Organizational Culture – Creating Vacation Heroes
“Culture isn’t just one aspect of the game – it is the game. In the end, a company is nothing more than the collective capacity of its people to create value.” – Lou Gerstner
I just returned from a cruise in Hawaii, and besides providing some much needed R&R, my experience was a vivid example of how companies thrive – or fail – through teaching and enforcing their culture.
We define culture as the shared values, beliefs, and experiences that guide the thinking and behavior of an organization, and believe its sole purpose is to support the success of the organization.
With 950+ crew serving more than 2,000 passengers across numerous entertainment and service venues each day, each crew member’s alignment with the organization’s culture and standards has significant power to influence the passenger experience.
While on vacation, I noticed several crew members wearing “Vacation Hero,” pins. While this is an admirable term, and we all need heroes, I wondered what this term meant to corporate leadership, cruise ship leaders, and crew. Further, how do you hire “Heroes” and develop them once they are on the job? Here are two experiences that got me thinking about these questions.
Experience One: At dinner one evening we were seated at a well-appointed art deco restaurant on one of the lowest levels and farthest aft (aft means the back of the ship). This means we were close to the engine and propellers and could feel movements and turns easily. Our server arrived and was eager to help us with the wine selection. I was impressed with his positive demeanor and excited about our dining experience. Before we could give our drink order, however, my mother asked to be reseated as she was starting to feel nauseous because of the movement. Our server said we needed to return to the host station (a hundred or so feet away) and ask to be reseated – not a great move – especially for someone feeling ill. Because of his initial impressive demeanor, she asked if he could still be our server to which he replied, “Sorry – I have a difficult enough time keeping up with the tables in my area.” We were quickly reseated, by a somewhat puzzled and harried looking hostess, in a section where, we soon found out, the server had not yet begun his shift so we had a 10 minute wait until we received water and beverage service.
Experience Two: Most memorably, on the final night we had a reservation at a Brazilian Churrascaria – a restaurant that serves 12 (yes, that is correct) courses of meat. I only eat fish; however, there were few openings that evening to use the last of our dining package. The reservationist we spoke with said they would be able to bring me a vegetarian or fish entrée from one of the bordering restaurants without a problem. However, when I told the server I needed a vegetarian or fish entrée – he gave me an annoyed look and said, “This is a meat only restaurant – no fish.” We explained the situation and noted that the reservationist said: “all restaurants will accommodate dietary restrictions.” He cautiously explained he would need to speak with his manager to determine if there was a way to accommodate me. The manager was responsive, apologized for the inconvenience and lack of alignment between the reservationist and the servers, and personally served me for the remainder of the meal.
Culture is the shared values and beliefs of an organization that influences behavior and expectations. While relatively minor, these small lapses in heroic service, and a few others I experienced, make me wonder how the intended passenger experience, and core values are communicated and enforced. Each touchpoint, or event that influences customer thoughts, feelings, and beliefs, affects customer loyalty and future buying intentions. I remember how these gaps in service made me feel almost as well as I remember the Vacation Heroes: the staff members who made learning the dance routine to Thriller fun and surprisingly easy (significantly increasing my dancing confidence!) and our caring and attentive room steward who was always around to answer questions, created a fun environment playing off my mom’s unique sense of humor, and immediately knew us by name.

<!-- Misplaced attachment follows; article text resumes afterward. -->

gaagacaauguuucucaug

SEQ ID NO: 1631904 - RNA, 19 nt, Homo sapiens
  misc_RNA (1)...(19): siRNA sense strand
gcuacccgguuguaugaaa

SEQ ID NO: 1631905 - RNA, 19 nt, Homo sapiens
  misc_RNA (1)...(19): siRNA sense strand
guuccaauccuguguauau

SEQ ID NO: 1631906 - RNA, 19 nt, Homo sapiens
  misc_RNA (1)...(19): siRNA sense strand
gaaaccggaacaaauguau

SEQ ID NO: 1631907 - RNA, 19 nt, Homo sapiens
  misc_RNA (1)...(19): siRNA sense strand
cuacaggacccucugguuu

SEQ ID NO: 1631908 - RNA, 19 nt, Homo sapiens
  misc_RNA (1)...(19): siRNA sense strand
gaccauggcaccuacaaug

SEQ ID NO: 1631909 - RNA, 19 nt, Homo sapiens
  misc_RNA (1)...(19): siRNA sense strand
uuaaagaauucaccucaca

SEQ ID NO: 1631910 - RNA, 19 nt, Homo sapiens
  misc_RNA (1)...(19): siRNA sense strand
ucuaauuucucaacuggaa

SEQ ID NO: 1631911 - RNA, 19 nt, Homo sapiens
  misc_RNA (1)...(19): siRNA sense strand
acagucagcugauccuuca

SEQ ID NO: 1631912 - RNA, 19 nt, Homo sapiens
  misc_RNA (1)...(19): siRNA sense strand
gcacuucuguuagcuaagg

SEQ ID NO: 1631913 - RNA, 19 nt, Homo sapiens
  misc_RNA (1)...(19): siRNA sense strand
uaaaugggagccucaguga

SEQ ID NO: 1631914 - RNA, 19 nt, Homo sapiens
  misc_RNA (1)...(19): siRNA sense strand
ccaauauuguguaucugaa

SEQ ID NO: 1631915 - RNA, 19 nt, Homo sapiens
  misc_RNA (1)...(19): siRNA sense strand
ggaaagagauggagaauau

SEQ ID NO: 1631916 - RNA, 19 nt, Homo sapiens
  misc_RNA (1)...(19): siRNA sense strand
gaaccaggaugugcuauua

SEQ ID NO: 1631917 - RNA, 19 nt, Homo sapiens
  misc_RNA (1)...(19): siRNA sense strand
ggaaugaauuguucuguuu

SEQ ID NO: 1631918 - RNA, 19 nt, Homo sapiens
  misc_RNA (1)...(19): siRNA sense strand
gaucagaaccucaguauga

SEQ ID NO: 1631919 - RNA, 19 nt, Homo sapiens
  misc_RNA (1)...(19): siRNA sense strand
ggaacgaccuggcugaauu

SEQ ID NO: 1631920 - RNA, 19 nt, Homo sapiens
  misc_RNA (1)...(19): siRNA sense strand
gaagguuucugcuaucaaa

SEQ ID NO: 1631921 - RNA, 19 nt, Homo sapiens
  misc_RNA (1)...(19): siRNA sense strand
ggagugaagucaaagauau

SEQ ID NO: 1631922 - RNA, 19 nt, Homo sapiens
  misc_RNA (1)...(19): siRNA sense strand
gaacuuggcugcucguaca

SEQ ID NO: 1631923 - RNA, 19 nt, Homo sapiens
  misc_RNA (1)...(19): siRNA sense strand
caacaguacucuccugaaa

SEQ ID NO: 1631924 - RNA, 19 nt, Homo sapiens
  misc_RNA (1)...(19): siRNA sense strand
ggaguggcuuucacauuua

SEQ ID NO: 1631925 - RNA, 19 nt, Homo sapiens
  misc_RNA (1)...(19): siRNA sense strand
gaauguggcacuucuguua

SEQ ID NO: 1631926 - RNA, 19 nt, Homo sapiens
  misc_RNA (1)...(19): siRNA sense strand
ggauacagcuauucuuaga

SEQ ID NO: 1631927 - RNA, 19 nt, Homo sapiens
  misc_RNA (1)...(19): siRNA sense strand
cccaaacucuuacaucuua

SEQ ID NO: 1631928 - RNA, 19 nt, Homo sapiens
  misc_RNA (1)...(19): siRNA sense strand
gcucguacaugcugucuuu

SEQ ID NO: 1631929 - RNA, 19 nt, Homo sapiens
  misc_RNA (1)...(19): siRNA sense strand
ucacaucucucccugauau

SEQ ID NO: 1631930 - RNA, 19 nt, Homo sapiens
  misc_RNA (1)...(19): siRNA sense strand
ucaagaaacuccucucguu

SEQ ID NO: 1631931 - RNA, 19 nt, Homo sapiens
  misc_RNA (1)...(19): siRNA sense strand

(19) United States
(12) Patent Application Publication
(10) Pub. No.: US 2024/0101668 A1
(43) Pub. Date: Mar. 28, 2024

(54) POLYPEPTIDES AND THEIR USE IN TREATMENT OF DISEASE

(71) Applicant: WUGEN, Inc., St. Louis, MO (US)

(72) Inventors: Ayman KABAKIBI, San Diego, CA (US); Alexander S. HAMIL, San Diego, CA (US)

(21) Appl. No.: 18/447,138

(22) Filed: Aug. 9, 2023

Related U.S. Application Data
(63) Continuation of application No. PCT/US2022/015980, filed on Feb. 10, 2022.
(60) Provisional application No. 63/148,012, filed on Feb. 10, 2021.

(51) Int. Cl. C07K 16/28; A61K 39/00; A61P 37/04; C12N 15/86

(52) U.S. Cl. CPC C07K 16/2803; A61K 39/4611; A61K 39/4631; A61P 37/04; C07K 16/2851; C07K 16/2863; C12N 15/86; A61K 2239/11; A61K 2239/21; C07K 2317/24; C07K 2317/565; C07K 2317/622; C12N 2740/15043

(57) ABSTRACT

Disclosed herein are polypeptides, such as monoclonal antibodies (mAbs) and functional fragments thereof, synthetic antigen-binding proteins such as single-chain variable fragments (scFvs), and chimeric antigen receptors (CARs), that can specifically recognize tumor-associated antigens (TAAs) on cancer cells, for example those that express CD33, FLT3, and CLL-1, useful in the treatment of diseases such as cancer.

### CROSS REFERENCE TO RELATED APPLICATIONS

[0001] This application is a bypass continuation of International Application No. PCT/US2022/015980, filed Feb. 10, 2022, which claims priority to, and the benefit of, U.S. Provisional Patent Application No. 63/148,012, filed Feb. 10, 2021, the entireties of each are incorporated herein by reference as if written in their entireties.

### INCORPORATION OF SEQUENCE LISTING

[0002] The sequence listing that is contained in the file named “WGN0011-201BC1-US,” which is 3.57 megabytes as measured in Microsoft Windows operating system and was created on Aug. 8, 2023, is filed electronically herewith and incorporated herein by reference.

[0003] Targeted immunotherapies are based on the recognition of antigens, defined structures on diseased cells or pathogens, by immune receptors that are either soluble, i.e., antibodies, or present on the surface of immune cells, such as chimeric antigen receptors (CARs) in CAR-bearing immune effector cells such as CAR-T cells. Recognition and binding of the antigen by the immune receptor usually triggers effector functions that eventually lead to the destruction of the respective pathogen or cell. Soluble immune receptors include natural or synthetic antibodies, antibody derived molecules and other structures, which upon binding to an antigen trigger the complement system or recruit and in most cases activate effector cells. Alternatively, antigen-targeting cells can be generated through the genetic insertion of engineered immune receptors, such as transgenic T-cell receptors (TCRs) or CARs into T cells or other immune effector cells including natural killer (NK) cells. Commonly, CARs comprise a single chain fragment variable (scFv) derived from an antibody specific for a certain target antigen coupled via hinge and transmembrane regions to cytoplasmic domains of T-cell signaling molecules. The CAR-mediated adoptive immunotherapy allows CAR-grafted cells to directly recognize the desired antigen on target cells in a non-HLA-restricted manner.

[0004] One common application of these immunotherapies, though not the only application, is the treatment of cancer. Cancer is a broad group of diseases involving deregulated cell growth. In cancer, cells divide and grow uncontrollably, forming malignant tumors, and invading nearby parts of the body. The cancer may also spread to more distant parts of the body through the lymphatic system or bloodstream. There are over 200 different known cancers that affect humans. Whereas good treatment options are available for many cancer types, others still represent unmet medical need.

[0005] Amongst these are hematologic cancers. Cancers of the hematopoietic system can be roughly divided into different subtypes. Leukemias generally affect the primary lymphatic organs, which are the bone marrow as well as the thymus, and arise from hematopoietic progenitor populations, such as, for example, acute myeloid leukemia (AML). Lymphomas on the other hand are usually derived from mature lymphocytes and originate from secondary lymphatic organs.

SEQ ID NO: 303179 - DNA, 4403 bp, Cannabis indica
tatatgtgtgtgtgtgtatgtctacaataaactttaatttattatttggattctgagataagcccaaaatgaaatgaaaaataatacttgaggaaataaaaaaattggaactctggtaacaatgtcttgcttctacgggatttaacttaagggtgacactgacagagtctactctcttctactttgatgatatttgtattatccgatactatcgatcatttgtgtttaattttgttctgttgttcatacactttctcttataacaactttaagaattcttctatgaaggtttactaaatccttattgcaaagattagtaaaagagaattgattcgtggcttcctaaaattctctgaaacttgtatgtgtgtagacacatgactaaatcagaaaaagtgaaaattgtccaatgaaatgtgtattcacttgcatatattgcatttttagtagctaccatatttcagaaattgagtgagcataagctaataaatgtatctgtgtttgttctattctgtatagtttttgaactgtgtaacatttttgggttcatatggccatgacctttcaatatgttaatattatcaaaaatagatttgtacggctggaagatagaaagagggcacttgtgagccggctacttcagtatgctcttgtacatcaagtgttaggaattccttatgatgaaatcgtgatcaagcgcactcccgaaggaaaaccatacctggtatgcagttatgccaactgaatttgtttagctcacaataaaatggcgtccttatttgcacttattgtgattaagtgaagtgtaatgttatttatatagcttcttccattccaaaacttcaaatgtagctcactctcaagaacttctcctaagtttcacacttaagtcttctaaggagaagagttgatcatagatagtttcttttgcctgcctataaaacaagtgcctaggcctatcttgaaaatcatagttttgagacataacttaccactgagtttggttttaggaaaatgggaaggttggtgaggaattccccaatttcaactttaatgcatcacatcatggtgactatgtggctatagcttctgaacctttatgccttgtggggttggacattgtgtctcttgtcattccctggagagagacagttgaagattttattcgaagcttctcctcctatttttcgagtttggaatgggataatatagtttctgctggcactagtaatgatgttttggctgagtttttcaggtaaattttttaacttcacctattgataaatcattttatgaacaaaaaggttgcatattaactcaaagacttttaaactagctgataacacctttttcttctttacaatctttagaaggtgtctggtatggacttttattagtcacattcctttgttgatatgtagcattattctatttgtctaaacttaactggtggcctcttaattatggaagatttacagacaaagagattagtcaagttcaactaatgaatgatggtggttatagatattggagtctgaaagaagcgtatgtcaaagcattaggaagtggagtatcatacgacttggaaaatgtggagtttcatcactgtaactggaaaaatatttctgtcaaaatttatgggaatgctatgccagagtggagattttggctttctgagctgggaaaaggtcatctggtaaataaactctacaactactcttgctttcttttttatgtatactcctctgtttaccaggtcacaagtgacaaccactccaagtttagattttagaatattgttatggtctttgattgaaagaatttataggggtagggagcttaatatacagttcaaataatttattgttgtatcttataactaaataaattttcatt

Building a Culture of “Heroes”
Heroes accomplish impressive feats, often sacrificing their own needs for others. This goal of heroism, however, is only useful if operationally defined, developed, and enforced. What can crew members do in Guest Services, at the bar, while leading games, or serving passengers in their rooms to earn the title of Vacation Hero? After this is identified, you can define the core competencies, and skills, abilities, and personality traits required for the acts of heroism needed to achieve the passenger or customer experience, and create an environment that develops and engages these heroes to build passenger loyalty and referrals.
As Lou Gerstner stressed, culture is foundational to staying competitive. To become best-in-class, you must have a clearly articulated vision, and processes and procedures that ensure you are maintaining your culture and delivering you intended customer experience. One of the most important processes is how you hire. We believe that your hiring managers are your culture’s gatekeepers – as the people they bring into your organization have to be aligned with your culture and standards. If they aren’t, your customers’ experience will suffer. Tools such as pre-employment assessments and structured interviews help identify people who are ready to live your values and consistently provide your intended customer experience.
What are the biggest gaps between where your culture is and where it should be? With your customer experience and core values defined, you can identify the competencies and traits you need to hire and develop for – building a consistent customer experience that will build loyalty and market share in the process.